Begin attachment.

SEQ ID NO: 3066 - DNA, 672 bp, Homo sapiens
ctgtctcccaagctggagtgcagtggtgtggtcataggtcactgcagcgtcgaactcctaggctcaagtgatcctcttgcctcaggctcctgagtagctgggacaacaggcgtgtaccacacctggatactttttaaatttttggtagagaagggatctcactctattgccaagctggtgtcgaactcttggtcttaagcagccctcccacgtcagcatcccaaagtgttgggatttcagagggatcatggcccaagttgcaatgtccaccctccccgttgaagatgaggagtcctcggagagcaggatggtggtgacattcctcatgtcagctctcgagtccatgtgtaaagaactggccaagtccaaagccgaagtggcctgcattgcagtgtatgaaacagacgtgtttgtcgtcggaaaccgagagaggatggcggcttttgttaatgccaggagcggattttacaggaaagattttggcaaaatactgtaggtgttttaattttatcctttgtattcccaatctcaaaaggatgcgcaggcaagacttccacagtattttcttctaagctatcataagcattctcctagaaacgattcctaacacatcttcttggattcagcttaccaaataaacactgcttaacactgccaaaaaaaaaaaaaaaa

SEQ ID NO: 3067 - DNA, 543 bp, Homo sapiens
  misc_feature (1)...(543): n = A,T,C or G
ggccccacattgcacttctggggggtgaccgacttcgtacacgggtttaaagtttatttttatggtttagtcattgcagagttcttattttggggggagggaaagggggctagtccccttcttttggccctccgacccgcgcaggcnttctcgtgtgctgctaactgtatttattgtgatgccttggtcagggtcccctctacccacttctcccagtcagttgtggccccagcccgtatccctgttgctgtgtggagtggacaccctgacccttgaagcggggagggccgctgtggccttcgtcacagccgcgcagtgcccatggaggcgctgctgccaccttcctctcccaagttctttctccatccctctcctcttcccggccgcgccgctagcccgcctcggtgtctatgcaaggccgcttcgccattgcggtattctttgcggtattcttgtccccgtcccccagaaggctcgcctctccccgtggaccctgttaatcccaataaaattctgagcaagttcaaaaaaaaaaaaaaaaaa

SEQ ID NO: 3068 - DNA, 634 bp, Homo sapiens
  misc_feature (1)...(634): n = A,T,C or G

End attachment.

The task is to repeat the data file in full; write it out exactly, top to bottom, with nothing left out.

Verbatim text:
SEQ ID NO: 3066 - DNA, 672 bp, Homo sapiens
ctgtctcccaagctggagtgcagtggtgtggtcataggtcactgcagcgtcgaactcctaggctcaagtgatcctcttgcctcaggctcctgagtagctgggacaacaggcgtgtaccacacctggatactttttaaatttttggtagagaagggatctcactctattgccaagctggtgtcgaactcttggtcttaagcagccctcccacgtcagcatcccaaagtgttgggatttcagagggatcatggcccaagttgcaatgtccaccctccccgttgaagatgaggagtcctcggagagcaggatggtggtgacattcctcatgtcagctctcgagtccatgtgtaaagaactggccaagtccaaagccgaagtggcctgcattgcagtgtatgaaacagacgtgtttgtcgtcggaaaccgagagaggatggcggcttttgttaatgccaggagcggattttacaggaaagattttggcaaaatactgtaggtgttttaattttatcctttgtattcccaatctcaaaaggatgcgcaggcaagacttccacagtattttcttctaagctatcataagcattctcctagaaacgattcctaacacatcttcttggattcagcttaccaaataaacactgcttaacactgccaaaaaaaaaaaaaaaa

SEQ ID NO: 3067 - DNA, 543 bp, Homo sapiens
  misc_feature (1)...(543): n = A,T,C or G
ggccccacattgcacttctggggggtgaccgacttcgtacacgggtttaaagtttatttttatggtttagtcattgcagagttcttattttggggggagggaaagggggctagtccccttcttttggccctccgacccgcgcaggcnttctcgtgtgctgctaactgtatttattgtgatgccttggtcagggtcccctctacccacttctcccagtcagttgtggccccagcccgtatccctgttgctgtgtggagtggacaccctgacccttgaagcggggagggccgctgtggccttcgtcacagccgcgcagtgcccatggaggcgctgctgccaccttcctctcccaagttctttctccatccctctcctcttcccggccgcgccgctagcccgcctcggtgtctatgcaaggccgcttcgccattgcggtattctttgcggtattcttgtccccgtcccccagaaggctcgcctctccccgtggaccctgttaatcccaataaaattctgagcaagttcaaaaaaaaaaaaaaaaaa

SEQ ID NO: 3068 - DNA, 634 bp, Homo sapiens
  misc_feature (1)...(634): n = A,T,C or G